An infant can pick up building blocks and with no training build something - just put one block on top of the other.
A toddler can use legos. Line up the "in's" and the "out's" and push the pieces together.
Jigsaw puzzles are trickier. Puzzles are packaged by the number of pieces they contain. Why? Because in a puzzle each piece has only 1 potential place in the puzzle (1 'in' matches 1 'out') and as the number of pieces increases so does the complexity.
Imagine a set of legos where the notches (or interfaces) were different on every block. Each lego only worked with one other lego in the set.
In software we see a similar problem. As the number of pieces (and interfaces) increase, so does the complexity of assembling the components. Some items plug in nicely while others require significant transformations. Scanning for the right component takes time -like scanning for a single puzzle piece in a 1000 piece puzzle.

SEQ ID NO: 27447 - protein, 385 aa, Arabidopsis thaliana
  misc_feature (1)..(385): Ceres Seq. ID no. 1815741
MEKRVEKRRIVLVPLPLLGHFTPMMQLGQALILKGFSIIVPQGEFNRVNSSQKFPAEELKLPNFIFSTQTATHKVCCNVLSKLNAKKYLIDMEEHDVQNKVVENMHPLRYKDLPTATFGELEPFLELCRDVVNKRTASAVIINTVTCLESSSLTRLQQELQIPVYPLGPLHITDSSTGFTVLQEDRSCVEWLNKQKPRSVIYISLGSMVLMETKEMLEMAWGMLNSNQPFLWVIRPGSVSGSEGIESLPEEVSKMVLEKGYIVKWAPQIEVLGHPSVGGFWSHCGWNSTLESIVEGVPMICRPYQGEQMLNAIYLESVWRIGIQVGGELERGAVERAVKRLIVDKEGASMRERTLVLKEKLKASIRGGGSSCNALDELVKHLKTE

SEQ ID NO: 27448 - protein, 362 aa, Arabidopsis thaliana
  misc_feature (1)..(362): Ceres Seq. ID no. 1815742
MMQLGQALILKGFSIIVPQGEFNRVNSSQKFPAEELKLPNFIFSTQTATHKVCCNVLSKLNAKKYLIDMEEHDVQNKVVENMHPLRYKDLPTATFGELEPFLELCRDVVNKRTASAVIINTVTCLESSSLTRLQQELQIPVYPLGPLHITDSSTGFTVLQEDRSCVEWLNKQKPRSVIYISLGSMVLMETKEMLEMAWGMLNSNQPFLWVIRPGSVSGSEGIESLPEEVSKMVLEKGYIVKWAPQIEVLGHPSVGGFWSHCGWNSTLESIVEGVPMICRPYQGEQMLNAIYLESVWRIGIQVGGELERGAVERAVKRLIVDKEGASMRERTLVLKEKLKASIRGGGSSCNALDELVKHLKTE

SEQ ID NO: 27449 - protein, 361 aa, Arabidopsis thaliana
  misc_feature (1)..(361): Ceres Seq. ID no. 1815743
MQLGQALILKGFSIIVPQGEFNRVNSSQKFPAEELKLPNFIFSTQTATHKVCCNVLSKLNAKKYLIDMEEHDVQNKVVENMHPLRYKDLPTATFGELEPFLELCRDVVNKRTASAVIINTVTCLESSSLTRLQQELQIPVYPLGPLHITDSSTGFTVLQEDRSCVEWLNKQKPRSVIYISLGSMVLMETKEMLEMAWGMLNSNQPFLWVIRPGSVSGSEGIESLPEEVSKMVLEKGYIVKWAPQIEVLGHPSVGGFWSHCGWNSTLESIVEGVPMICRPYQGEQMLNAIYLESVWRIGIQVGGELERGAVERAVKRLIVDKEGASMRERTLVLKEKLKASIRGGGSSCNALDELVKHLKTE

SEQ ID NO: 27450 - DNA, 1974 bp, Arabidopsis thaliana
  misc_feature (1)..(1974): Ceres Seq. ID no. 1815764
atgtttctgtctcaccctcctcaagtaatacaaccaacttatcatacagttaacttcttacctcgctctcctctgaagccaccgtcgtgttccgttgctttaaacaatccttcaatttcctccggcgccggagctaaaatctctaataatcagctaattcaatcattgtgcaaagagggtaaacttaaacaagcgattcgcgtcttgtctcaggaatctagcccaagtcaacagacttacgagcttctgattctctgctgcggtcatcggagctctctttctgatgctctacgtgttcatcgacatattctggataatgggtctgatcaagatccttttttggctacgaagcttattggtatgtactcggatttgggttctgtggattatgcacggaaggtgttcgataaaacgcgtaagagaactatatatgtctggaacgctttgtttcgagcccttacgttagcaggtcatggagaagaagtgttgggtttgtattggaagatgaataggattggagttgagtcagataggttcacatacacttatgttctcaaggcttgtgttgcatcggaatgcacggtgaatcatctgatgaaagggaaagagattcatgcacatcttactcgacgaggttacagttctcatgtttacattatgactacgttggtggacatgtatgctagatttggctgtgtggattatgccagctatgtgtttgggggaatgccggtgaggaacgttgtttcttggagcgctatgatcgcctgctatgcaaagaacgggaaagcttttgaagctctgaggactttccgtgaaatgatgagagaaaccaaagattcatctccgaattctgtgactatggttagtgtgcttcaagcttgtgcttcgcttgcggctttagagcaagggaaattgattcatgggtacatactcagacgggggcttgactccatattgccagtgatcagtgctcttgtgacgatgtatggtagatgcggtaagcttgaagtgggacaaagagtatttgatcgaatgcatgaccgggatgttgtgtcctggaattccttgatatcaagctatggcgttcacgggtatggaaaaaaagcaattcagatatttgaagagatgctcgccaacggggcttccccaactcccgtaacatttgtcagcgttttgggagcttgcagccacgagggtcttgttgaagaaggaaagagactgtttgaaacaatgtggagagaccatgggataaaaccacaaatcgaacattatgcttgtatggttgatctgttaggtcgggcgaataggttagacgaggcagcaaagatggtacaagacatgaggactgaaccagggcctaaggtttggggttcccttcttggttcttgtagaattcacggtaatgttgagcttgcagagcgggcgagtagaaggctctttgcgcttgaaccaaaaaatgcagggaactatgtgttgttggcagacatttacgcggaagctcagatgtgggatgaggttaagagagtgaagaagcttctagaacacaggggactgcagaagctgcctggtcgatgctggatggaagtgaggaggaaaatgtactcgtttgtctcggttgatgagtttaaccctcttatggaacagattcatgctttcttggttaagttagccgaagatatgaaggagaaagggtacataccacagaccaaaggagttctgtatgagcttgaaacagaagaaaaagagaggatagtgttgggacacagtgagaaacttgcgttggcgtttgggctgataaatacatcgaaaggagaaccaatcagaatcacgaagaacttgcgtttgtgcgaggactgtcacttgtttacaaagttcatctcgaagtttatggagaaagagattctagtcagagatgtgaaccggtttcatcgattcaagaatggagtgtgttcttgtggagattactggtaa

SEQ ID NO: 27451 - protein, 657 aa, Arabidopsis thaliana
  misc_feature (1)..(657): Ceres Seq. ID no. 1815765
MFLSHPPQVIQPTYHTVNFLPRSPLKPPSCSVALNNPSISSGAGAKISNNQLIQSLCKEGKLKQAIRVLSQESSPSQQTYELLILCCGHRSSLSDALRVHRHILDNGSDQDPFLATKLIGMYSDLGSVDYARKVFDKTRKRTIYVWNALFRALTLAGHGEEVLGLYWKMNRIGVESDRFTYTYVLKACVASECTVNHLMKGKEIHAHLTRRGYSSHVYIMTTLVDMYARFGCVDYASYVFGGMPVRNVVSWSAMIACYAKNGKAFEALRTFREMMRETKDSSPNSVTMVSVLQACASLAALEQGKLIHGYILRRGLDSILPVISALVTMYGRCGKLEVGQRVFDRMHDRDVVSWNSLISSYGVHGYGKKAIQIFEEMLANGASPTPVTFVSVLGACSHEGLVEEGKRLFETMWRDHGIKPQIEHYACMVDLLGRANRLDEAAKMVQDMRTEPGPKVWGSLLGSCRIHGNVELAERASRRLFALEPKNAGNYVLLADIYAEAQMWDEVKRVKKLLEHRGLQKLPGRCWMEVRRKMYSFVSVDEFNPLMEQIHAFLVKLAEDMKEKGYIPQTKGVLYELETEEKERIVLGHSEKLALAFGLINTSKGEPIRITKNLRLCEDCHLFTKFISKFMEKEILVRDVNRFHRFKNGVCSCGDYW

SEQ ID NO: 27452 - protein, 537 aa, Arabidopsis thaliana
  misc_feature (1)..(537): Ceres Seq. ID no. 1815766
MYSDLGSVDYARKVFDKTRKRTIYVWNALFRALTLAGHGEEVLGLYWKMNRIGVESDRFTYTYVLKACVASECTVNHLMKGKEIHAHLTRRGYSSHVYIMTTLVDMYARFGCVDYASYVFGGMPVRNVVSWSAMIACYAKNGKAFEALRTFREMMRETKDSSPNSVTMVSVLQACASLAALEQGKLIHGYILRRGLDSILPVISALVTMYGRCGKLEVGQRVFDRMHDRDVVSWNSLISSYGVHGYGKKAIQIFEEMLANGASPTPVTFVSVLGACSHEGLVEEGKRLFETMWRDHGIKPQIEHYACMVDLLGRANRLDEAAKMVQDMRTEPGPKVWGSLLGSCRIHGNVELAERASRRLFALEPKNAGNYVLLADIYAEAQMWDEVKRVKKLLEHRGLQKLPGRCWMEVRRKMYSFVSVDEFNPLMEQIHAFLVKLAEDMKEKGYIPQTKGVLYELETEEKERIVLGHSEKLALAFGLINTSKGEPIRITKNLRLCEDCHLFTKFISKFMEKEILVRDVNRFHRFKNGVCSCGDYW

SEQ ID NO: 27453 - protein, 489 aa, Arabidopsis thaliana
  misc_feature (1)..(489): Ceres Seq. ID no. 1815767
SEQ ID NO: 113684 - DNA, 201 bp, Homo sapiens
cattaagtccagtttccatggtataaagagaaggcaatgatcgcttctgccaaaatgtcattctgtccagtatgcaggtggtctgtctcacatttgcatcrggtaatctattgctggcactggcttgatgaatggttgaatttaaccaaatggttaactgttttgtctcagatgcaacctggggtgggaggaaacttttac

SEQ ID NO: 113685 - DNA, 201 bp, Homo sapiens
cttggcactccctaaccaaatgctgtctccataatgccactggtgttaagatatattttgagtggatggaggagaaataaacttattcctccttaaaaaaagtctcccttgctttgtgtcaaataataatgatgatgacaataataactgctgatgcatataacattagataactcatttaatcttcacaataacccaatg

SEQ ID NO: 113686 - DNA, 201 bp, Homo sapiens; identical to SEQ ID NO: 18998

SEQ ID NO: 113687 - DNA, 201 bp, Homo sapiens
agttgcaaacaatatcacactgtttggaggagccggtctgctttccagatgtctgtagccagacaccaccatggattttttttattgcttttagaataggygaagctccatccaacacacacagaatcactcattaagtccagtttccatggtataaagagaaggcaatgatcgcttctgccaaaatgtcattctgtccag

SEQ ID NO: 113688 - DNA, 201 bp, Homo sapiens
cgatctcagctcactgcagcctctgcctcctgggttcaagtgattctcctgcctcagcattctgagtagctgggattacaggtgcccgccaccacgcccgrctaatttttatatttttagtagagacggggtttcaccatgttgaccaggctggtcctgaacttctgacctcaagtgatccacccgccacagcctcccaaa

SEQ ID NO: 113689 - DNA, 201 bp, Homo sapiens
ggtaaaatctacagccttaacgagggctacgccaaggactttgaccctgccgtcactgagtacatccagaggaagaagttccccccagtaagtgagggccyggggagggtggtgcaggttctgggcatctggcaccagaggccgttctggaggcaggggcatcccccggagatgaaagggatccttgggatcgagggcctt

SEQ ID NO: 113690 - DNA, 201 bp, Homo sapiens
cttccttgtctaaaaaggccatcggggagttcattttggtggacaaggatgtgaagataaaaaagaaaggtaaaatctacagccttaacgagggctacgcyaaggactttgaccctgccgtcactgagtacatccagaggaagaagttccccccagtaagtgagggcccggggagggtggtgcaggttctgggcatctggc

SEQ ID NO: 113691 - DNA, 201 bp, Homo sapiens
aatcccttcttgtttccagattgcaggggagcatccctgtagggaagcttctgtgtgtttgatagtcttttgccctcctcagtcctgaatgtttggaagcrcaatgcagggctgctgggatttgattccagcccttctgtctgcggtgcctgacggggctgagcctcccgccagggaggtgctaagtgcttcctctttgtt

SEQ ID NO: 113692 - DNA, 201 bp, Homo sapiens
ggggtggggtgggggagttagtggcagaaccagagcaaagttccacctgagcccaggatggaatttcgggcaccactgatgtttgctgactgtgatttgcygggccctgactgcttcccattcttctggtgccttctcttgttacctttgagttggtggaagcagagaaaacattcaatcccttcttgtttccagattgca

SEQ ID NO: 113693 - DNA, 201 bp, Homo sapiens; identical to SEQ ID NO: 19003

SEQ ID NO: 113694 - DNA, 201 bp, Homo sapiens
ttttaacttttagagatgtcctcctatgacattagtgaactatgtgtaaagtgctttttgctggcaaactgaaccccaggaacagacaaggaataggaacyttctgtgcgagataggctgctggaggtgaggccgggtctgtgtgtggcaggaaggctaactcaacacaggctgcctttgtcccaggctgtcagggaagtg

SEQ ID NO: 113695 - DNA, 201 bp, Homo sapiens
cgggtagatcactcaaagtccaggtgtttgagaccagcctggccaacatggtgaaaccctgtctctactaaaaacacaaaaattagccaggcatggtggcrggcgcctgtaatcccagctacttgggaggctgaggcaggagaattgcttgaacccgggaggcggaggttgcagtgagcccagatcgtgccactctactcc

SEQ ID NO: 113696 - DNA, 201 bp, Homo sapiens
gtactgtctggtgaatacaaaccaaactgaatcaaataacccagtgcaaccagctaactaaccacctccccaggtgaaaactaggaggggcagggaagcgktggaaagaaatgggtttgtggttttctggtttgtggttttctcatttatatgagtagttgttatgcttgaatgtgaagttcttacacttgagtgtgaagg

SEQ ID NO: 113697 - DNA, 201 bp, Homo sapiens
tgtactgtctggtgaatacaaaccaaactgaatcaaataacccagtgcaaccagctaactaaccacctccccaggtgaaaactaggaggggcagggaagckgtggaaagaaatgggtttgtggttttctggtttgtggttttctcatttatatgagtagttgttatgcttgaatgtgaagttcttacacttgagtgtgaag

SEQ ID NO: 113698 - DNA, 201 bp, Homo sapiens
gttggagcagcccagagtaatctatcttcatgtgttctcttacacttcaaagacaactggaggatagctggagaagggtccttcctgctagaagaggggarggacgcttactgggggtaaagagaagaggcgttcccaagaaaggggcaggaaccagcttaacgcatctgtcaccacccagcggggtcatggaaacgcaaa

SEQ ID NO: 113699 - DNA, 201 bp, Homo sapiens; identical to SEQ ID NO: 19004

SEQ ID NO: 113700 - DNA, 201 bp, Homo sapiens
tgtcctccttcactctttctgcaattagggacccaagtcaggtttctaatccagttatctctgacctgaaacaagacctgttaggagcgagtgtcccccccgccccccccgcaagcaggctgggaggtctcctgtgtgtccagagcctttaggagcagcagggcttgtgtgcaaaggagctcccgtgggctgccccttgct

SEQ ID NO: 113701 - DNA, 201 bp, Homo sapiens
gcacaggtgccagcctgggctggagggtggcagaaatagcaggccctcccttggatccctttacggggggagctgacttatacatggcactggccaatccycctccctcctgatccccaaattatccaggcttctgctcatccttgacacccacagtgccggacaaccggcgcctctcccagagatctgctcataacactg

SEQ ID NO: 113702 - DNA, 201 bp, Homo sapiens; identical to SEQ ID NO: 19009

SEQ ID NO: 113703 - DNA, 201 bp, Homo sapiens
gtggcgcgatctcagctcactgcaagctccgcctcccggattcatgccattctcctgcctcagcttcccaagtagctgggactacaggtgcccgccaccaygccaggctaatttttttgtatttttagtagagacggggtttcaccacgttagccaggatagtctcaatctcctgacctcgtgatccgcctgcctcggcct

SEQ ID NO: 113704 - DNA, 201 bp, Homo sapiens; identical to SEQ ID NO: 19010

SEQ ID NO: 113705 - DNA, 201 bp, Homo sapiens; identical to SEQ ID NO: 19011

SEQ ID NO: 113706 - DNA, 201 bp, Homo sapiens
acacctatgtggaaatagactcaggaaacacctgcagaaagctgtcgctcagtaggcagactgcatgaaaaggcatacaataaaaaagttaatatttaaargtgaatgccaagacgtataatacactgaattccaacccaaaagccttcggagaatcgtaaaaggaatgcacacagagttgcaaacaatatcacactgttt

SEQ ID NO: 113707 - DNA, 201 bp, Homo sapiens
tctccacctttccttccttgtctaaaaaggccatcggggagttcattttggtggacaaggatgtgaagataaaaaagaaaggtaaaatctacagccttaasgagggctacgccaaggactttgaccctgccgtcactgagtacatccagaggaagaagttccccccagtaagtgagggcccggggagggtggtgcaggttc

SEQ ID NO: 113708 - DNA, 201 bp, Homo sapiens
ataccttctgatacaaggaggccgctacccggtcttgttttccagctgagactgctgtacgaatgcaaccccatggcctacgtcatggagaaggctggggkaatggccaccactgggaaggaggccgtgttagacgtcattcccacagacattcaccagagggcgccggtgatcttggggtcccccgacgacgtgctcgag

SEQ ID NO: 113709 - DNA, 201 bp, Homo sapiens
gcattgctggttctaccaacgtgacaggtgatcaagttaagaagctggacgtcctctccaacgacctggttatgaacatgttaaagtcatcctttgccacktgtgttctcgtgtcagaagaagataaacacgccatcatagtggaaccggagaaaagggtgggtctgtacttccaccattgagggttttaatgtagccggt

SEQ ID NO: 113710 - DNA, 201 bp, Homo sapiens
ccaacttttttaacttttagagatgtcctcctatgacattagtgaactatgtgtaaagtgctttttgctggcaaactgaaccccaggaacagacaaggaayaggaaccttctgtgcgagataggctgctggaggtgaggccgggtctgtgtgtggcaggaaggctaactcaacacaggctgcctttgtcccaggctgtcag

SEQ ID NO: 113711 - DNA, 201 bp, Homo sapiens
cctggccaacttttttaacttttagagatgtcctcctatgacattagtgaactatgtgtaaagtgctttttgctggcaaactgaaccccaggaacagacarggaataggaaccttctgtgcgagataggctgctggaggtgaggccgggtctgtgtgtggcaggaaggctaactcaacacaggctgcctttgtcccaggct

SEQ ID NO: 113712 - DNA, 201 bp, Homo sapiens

Personally, I love the interface for the database. I believe whole-heartedly that the interface is what made it so damn popular. do(DDL) and do(DML) are absolutely beautiful. Something to create, destroy, administer and manipulate - and all done on a solid mathematical foundation.
Call me silly for not liking an operation called, "getLastStockPrice". Call me dumb for not being able to figure out the REST equivalent of the operation. For some reason the magic of the WWW feels like it comes more from HTML than HTTP. Is the real magic in the browser: do(HTML)? Is chasing the HTTP verbs a red herring? or just an obvious fact that when realizing a domain specific language you shouldn't screw it up with a complex API.
The web... simple addressing, simple verbs acting as manilla envelope; and a domain specific language that can describe everything from pornography to the weather, all working together to create the worlds largest distributed computing platform. Simple addressing, simple envelopes and DSL's.